Thematic Discussion – “Strengthening efforts at all levels to promote pro-poor sustained economic growth, including through equitable macro-economic policies”Round Table 2 – “Coherence and coordination of macroeconomic policies – at all levels” – Speaking Notes – Mr. Augusto Gomes Correia, President of the Portuguese Institute of Support for Development (IPAD) on behalf of European Union
Thematic Discussion – “Strengthening efforts at all levels to promote pro-poor sustained economic growth, including through equitable macro-economic policies”
Round Table 2 – “Coherence and coordination of macroeconomic policies – at all levels” – Speaking Notes
Thank you very much Mr. Moderator,
I’m very pleased to be a part of today’s discussion on coherence and coordination of macroeconomic policies at all levels.
I was invited to participate in today’s thematic discussion as my country currently holds the Presidency of the European Union, in order to speak about the European experience on coherence and coordination in this important field.
As our Ministers stated just last month during their Council meeting, Europe is united in its resolve that only by working together can we represent our interests and goals in the world of tomorrow. The European Union is determined to contribute its ideas of a sustainable, efficient and just economic and social order to the global process. It is in this spirit that we participate here today.
Indeed, the European experience has been a very special one for all of our member states. We have recently celebrated 50 years since the signing of the Treaty of Rome that created our European family. Fifty years on we are coming even closer together, while maintaining our cultural, traditional and linguistic diversity. This unity is based on our common values, those of freedom, democracy, the rule of law, respect for human rights and equality.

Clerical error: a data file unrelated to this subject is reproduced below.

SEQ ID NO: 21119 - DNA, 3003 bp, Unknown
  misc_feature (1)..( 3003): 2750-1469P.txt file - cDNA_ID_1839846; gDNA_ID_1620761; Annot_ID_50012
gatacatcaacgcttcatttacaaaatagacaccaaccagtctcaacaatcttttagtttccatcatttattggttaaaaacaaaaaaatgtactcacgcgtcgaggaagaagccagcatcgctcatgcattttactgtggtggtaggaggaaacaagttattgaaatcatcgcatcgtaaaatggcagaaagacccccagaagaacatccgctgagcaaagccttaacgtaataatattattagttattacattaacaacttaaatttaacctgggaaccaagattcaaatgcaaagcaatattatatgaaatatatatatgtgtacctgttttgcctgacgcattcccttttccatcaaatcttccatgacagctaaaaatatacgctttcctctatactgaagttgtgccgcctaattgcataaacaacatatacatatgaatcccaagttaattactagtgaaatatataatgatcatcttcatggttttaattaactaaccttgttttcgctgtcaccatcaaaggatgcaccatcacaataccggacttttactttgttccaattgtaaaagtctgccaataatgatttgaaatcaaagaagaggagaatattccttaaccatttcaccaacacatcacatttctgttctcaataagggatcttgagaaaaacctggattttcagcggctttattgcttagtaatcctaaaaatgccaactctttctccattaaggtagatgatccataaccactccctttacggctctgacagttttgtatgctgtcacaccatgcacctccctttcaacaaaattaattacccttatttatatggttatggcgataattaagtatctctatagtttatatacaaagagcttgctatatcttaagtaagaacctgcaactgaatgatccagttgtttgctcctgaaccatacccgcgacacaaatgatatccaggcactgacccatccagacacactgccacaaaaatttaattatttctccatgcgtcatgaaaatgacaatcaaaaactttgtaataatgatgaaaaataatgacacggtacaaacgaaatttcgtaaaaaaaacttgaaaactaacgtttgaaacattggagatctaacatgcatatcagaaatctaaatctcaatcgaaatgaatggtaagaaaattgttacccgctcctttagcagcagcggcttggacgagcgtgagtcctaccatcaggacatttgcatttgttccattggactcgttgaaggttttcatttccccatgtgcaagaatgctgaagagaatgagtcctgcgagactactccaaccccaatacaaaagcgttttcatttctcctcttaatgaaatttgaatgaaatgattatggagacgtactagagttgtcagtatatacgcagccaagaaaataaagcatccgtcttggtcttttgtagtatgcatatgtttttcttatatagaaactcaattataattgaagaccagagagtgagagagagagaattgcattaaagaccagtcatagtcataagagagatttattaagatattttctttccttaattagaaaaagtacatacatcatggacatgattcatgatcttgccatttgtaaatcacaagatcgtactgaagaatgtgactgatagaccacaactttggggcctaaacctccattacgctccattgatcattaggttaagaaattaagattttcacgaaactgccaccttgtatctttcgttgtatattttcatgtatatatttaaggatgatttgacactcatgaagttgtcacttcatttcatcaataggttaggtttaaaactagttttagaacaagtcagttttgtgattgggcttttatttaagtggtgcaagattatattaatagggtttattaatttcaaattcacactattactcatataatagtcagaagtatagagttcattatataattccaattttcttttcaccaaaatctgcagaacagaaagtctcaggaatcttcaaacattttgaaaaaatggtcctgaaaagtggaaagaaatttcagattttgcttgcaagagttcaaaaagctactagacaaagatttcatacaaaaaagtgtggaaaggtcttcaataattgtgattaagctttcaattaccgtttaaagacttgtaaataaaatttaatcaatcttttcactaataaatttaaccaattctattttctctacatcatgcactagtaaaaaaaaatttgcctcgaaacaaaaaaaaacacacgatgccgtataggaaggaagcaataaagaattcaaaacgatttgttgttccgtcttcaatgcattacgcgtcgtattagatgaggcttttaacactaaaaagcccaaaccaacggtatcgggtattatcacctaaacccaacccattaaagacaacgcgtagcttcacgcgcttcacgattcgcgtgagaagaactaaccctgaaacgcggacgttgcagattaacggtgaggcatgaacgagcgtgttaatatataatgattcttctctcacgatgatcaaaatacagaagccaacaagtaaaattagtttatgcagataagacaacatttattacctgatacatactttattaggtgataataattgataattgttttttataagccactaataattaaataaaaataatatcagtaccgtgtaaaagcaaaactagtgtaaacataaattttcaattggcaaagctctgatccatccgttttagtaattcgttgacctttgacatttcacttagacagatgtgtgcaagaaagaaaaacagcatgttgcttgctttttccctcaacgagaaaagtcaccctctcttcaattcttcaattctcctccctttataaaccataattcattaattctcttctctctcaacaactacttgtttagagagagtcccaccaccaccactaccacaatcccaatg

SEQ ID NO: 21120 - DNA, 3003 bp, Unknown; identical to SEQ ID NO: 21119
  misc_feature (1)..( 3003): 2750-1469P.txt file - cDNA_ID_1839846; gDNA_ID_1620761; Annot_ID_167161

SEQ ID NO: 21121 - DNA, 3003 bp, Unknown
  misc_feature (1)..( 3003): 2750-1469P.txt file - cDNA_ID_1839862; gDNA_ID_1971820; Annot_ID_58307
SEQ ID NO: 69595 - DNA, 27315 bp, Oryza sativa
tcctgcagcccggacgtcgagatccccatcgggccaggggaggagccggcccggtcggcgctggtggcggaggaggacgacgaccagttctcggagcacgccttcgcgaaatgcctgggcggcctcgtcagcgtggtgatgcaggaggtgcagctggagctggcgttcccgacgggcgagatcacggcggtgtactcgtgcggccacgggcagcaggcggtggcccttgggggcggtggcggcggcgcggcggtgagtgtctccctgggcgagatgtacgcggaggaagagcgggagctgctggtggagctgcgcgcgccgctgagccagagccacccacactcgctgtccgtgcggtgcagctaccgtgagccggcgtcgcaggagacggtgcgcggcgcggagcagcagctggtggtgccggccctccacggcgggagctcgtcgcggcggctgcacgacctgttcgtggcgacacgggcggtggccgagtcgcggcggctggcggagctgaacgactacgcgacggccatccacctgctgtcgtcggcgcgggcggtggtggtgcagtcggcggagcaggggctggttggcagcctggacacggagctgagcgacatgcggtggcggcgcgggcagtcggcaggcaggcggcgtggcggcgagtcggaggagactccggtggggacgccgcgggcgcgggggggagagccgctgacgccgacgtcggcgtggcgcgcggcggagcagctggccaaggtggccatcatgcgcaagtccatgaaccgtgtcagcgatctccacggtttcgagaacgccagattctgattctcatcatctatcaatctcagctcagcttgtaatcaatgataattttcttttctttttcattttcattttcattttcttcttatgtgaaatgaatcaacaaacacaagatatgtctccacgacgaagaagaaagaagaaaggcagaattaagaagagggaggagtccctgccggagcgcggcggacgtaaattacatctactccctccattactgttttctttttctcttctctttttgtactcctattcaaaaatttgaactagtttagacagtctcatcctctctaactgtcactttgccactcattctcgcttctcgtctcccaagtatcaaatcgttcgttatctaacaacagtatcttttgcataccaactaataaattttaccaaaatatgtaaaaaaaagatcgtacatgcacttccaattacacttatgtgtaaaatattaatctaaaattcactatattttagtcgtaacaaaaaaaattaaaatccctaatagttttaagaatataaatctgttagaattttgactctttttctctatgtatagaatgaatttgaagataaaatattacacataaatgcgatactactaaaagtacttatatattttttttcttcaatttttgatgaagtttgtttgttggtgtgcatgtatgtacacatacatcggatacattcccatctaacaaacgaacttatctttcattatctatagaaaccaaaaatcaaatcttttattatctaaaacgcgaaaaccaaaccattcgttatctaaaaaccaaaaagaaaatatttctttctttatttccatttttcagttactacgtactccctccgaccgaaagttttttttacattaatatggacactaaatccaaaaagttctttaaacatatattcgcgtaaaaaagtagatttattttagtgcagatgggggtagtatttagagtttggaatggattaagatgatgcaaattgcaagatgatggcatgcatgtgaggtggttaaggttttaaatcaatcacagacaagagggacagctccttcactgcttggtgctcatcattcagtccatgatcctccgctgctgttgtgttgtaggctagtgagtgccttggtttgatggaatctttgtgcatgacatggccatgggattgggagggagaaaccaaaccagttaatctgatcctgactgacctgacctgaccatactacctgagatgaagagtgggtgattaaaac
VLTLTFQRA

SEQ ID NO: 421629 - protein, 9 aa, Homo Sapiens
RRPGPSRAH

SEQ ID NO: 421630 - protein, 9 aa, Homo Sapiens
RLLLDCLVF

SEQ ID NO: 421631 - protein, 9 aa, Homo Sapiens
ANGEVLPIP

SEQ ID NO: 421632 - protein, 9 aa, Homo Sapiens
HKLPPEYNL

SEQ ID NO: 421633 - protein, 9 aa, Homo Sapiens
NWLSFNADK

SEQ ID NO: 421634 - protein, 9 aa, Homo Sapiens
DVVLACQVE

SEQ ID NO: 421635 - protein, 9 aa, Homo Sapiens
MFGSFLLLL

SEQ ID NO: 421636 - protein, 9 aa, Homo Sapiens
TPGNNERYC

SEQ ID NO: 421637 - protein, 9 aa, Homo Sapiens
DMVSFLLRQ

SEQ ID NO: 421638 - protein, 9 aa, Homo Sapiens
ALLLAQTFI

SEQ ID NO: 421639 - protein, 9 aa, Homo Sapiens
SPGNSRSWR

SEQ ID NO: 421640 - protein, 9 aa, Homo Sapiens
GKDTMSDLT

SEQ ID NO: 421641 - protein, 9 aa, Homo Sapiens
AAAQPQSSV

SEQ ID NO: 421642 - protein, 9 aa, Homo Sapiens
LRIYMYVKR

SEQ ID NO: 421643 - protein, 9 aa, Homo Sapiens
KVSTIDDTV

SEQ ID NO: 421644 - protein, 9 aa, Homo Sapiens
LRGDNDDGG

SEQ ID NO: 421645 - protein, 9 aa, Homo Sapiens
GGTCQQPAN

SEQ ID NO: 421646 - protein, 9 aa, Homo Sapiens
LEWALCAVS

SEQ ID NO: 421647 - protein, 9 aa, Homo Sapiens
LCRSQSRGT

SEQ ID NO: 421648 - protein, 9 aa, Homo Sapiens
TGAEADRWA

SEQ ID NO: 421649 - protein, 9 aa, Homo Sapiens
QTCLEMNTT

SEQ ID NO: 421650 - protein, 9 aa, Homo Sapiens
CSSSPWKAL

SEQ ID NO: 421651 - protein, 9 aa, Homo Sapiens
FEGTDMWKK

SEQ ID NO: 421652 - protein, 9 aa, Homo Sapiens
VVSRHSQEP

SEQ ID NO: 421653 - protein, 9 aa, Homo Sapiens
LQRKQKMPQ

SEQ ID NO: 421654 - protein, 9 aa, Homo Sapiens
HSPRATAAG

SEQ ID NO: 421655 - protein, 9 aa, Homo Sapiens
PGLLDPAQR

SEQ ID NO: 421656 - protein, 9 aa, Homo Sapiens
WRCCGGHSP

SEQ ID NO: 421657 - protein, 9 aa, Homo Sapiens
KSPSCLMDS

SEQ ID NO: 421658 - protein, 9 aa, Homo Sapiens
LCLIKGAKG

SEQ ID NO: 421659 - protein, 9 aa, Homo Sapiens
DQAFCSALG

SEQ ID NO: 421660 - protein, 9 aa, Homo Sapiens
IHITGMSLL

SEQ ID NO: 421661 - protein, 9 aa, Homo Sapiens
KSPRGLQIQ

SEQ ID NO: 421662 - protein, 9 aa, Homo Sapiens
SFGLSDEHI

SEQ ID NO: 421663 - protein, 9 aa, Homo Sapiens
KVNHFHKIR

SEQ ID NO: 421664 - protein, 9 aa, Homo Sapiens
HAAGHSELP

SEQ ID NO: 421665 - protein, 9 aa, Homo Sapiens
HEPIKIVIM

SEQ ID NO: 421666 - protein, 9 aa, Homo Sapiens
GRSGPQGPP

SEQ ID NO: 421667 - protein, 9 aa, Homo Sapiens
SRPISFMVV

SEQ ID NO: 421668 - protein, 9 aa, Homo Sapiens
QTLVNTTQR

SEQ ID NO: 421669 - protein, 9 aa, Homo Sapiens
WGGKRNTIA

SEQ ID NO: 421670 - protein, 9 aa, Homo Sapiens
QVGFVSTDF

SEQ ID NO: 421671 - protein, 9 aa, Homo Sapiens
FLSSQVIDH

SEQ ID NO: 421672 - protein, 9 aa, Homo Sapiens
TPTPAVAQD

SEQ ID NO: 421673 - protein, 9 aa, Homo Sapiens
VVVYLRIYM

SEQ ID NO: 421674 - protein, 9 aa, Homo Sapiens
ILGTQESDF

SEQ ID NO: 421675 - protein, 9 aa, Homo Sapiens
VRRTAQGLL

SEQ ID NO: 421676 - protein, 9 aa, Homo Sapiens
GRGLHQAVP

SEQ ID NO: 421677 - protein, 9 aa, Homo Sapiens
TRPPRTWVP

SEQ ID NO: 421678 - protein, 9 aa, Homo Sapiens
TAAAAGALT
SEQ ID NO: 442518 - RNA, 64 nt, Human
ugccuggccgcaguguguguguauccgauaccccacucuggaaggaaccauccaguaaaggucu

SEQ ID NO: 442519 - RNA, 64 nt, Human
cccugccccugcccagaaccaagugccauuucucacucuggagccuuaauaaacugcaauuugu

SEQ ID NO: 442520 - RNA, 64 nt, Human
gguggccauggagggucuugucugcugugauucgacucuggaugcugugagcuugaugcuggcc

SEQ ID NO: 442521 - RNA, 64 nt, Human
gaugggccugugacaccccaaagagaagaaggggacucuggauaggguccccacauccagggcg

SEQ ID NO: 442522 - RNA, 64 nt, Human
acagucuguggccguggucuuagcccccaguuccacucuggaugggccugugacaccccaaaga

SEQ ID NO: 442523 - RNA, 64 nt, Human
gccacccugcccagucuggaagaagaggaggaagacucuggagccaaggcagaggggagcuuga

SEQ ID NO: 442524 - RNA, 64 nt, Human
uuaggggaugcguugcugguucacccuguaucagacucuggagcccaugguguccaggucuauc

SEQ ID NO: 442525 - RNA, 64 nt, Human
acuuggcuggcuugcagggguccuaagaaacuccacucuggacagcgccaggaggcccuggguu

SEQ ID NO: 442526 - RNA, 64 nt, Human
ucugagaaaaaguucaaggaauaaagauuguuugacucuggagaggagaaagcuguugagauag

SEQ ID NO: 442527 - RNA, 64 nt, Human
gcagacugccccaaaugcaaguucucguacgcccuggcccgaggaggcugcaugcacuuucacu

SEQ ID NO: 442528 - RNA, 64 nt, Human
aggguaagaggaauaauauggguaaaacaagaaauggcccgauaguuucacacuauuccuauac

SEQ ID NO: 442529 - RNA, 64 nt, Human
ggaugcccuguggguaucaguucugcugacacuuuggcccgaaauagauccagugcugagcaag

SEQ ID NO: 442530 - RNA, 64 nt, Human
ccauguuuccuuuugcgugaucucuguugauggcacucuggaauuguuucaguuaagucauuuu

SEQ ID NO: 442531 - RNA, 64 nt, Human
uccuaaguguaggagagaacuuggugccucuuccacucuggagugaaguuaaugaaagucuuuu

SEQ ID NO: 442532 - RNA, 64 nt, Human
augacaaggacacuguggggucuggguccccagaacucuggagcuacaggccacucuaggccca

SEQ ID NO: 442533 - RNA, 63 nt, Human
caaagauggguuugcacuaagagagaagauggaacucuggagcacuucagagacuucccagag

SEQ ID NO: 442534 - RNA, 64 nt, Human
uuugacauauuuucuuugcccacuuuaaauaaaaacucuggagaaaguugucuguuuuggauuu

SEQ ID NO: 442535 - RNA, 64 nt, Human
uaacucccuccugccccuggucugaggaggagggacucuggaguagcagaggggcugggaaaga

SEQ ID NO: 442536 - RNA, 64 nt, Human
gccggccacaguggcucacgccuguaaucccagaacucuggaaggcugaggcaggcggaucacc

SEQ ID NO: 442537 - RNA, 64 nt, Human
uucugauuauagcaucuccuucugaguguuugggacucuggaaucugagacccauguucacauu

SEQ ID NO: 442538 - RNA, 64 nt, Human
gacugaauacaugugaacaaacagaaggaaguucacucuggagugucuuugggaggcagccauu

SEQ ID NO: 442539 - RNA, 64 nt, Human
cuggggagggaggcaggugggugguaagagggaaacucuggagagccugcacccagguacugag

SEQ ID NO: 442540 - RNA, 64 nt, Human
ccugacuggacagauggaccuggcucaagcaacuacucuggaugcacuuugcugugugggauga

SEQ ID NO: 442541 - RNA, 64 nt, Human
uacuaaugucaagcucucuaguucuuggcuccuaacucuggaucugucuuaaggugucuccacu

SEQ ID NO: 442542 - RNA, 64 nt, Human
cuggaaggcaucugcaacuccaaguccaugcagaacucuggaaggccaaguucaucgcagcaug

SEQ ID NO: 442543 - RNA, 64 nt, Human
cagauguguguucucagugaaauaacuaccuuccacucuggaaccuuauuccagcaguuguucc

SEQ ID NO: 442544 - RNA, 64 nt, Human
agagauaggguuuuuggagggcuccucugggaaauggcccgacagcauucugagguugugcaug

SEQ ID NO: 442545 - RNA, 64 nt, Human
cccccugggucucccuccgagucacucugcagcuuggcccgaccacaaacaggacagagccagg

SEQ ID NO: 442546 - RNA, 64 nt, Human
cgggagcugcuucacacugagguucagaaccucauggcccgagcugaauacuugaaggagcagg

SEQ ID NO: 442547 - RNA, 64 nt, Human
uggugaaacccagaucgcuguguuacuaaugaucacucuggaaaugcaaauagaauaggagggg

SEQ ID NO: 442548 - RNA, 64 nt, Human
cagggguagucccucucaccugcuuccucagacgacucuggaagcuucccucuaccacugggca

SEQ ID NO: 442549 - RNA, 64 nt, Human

From a very different post war reality that incentivized our coming together in this European endeavor, we find ourselves today benefitting from a Europe without borders, where people and goods can travel freely in a single market of over 500 million people, under one rule of law, and for the majority of us, one currency. The EU economy has emerged from the wreckage of the post-war period to become the second largest in the world. Internal trade has been key to this economic success, driven by the integration of national markets into one single EU market.
I take this opportunity to quote a fellow country man and current President of the European Commission, José Manuel Barroso, “the single market is more important than ever. I now want to see it strengthened and adapted to the globalised world of the 21st century”. Further strengthening the four freedoms of the internal market, the free movement of goods, persons, services and capital, and improving its functioning remain of paramount importance for growth, competitiveness and employment.
Integration has been a central driver for the European Union. Two values have driven this integration, solidarity and cohesion. Solidarity because our policies aim to benefit all citizens and regions that are economically and socially deprived compared to EU averages. Cohesion because there are positive benefits for all in narrowing income and wage differences between our countries and regions.
Solidarity and cohesion have driven not only our internal development policy, but also our broader macroeconomic approach.
One of the more visible aspects of our common European endeavor is that of the Euro. Membership in the Euro requires exchange rate stability as well as reaching specific criteria related to interest rates, budget deficits, inflation rates and the debt-to-GDP ratio. 13 of our 27 member states have already adopted the Euro, with two more planning to join on January 1st 2008. Those that have opted out of the Euro, or those that are in the process of joining, can join the “Exchange Rate Mechanism” in order to keep their currency stable against the Euro.